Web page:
A shooter killed five people and wounded several more at The Capital newspaper in Annapolis, Md., on Thursday, according to authorities and journalists at the publication, who were forced into the extraordinary and emotional duty of covering a tragedy in their own newsroom.

Officers responded to the offices of Capital Gazette Communications within a minute of receiving a report of an active shooter, Anne Arundel County police reported. Police arrested a man at the scene and took him in for interrogation, police said.

The shooter, who used a shotgun, is refusing to talk to investigators or give his name, and he was not carrying any identification, a law enforcement official briefed on the investigation told the Los Angeles Times, speaking on the condition of anonymity because he was not authorized to talk to the media.

"He's not been particularly cooperative," County Executive Steve Schuh said in an interview with CNN. "Law enforcement does have a name" for the suspect, but officials haven't confirmed it.

After the shooting began, a young intern at the newspaper sent out a plea on Twitter: "Active shooter 888 Bestgate please help us."

The first comprehensive details about the attack then came from Capital crime reporter Phil Davis in a series of tweets after he reached safety, while waiting to be interviewed by police.

"A single shooter shot multiple people at my office, some of whom are dead," Davis tweeted. "Gunman shot through the glass door to the office and opened fire on multiple employees. Can't say much more and don't want to declare anyone dead, but it's bad."

Davis added: "There is nothing more terrifying than hearing multiple people get shot while you're under your desk and then hear the gunman reload."

In a subsequent interview with the Baltimore Sun, Davis said he didn't know why the gunman stopped shooting. And then he stopped to reflect on the violence he'd covered as a journalist, which had come to his own office.

"I'm a police reporter. I write about this stuff _ not necessarily to this extent, but shootings and death _ all the time," Davis said. "But as much as I'm going to try to articulate how traumatizing it is to be hiding under your desk, you don't know until you're there and you feel helpless."

A photojournalist at the newspaper, Joshua McKerrow, was apparently out of the newsroom when the attack happened, but returned and photographed the scene outside as police swarmed the area.

"Police response for shooting in my newsroom," he tweeted.

A while later, he added a single word: "Heartbroken." McKerrow tweeted that a Friday edition of the paper would be published.

Other staffers tweeted the names of journalists who were safe, not naming those feared dead.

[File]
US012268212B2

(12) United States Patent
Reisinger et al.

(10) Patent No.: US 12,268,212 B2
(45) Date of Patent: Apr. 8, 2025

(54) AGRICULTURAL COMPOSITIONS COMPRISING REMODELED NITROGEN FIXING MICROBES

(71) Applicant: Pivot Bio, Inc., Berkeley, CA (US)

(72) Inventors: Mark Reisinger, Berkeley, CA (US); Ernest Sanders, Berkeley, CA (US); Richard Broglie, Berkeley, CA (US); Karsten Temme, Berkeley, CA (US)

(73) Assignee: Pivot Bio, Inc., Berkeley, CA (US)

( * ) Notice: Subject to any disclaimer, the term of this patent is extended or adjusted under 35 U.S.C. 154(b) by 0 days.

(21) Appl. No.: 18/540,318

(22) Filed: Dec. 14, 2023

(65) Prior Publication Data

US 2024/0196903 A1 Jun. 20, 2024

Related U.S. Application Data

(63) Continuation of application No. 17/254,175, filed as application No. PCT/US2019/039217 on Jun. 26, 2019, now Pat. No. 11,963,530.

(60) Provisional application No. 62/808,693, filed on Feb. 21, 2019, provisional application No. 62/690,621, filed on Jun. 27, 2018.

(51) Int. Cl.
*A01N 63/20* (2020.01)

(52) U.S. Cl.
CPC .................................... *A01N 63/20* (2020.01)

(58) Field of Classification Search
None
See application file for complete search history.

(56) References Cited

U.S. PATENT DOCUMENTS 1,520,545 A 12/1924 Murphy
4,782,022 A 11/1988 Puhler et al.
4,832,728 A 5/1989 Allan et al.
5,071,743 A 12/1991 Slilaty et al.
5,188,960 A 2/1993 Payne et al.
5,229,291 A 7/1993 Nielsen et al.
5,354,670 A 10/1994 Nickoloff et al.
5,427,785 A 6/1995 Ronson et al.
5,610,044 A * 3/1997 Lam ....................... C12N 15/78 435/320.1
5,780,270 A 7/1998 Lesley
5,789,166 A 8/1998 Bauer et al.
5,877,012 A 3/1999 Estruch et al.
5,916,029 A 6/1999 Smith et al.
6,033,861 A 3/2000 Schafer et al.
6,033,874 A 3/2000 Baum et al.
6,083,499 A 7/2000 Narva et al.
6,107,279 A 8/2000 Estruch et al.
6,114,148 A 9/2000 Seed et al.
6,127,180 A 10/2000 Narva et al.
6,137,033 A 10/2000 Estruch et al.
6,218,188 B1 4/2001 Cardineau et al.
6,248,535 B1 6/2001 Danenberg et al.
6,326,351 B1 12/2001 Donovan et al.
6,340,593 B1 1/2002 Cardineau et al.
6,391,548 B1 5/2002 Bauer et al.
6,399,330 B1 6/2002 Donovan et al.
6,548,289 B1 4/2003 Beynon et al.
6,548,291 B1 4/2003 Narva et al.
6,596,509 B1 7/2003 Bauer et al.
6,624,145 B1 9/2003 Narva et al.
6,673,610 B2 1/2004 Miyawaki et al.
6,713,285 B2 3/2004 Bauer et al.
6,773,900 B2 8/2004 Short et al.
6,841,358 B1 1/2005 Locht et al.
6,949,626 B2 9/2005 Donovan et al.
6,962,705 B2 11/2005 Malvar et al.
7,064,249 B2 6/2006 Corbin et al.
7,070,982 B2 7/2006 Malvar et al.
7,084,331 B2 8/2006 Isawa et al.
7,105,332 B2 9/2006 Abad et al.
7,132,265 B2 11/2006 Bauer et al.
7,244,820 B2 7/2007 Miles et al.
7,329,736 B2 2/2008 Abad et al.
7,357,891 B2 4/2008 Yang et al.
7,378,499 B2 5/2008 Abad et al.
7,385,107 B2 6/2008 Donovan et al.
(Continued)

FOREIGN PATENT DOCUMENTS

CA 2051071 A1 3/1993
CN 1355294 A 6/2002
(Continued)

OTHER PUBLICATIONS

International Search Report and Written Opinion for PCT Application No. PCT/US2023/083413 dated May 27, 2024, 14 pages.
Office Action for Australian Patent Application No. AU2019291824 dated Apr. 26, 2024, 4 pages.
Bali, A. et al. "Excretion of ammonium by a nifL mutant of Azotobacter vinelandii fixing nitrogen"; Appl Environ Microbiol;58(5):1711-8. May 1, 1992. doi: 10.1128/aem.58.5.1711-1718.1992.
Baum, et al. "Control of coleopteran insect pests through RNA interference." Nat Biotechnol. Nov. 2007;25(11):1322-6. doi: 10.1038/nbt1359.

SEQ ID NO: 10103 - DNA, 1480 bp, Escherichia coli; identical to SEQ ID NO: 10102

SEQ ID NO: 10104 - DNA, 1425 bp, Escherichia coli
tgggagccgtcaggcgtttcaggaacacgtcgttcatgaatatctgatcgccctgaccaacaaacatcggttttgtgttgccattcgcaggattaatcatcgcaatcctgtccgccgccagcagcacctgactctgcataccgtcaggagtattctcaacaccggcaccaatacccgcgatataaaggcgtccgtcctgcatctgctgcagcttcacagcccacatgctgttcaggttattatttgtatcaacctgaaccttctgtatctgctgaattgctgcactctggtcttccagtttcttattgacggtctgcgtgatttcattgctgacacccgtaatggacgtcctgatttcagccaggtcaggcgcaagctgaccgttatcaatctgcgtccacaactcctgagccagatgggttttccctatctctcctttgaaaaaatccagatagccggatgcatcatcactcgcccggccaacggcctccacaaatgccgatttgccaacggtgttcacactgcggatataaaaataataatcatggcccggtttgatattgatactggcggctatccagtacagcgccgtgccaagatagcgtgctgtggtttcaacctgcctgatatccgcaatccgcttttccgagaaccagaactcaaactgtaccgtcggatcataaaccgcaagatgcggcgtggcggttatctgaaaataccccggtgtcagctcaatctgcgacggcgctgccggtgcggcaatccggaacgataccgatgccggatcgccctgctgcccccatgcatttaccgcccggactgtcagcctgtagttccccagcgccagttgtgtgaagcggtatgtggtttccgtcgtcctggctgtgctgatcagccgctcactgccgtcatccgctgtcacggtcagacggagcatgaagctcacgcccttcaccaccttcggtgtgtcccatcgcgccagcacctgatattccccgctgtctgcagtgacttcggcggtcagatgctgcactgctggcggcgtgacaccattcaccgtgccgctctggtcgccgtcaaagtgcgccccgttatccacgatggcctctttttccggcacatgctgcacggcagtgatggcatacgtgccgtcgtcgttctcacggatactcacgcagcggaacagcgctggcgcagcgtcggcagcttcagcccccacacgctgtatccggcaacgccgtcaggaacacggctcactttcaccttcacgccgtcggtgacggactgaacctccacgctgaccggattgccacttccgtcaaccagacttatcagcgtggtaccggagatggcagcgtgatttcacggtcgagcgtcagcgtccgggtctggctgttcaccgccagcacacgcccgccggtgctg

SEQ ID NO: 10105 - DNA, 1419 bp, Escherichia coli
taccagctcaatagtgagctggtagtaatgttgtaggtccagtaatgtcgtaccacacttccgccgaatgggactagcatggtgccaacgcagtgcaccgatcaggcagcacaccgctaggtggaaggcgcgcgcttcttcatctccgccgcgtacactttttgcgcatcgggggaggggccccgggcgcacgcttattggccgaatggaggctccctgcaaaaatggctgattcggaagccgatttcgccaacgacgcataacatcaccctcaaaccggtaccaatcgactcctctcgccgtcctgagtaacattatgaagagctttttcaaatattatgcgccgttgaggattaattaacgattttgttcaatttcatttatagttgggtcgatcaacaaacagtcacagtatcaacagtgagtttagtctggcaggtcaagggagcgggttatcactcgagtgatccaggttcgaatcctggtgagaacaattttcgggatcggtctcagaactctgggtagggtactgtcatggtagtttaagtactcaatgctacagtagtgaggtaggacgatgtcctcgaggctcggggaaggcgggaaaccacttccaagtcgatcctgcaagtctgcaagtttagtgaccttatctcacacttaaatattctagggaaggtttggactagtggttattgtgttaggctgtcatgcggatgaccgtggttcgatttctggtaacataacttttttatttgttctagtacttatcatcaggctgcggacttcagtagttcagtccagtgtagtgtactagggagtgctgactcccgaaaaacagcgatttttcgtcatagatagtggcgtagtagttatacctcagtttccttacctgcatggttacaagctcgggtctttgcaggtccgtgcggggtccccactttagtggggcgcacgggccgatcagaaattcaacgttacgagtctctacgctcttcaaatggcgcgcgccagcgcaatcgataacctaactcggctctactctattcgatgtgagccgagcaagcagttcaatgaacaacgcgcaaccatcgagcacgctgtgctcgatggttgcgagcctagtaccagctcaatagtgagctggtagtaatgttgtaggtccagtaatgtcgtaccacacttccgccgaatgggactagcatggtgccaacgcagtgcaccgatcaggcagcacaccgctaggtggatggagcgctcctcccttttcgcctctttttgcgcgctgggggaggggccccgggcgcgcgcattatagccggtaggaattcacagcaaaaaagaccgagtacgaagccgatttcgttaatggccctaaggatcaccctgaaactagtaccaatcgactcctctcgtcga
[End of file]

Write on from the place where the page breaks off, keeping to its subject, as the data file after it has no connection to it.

"Thank God I was not at the office when this horrible incident occurred," sports reporter Bill Wagner tweeted. "However, many of my colleagues and friends are not okay and that is solely where my thoughts are right now. Please do not attempt to contact me via text or phone call."

Journalists were last killed inside the U.S. in 2015, when a disgruntled television journalist killed two former colleagues during a live broadcast, according to the Committee to Protect Journalists, which tracks violence against journalists.

Seven journalists have been killed inside the U.S. since 1992, according to the organization.

Capital Gazette Communications is owned by Tronc _ the former parent company of the Los Angeles Times _ and publishes the Capital, the newspaper of record for Annapolis, and a separate newspaper called the Maryland Gazette. The newspapers publish under a joint website called the Capital Gazette.

Jimmy DeButts, an editor for the website, published a heartfelt tribute on Twitter about the craft of his fellow journalists, with a nod to the struggles of many local newspapers to continue working under tough economic conditions.

"There are no 40 hour weeks, no big paydays _ just a passion for telling stories from our community," DeButts tweeted. "We keep doing more with less. We find ways to cover high school sports, breaking news, tax hikes, school budgets & local entertainment."

DeButts added: "We are there in times of tragedy. We do our best to share the stories of people, those who make our community better. Please understand, we do all this to serve our community."

Even in the worst of circumstances. CNBC journalist John Harwood went to high school with one of the newspaper's reporters, Pat Ferguson, and asked Ferguson's wife how the reporter was holding up.

Ferguson was safe, Harwood tweeted: He's charging his phone, trying to find colleagues and "putting out a paper."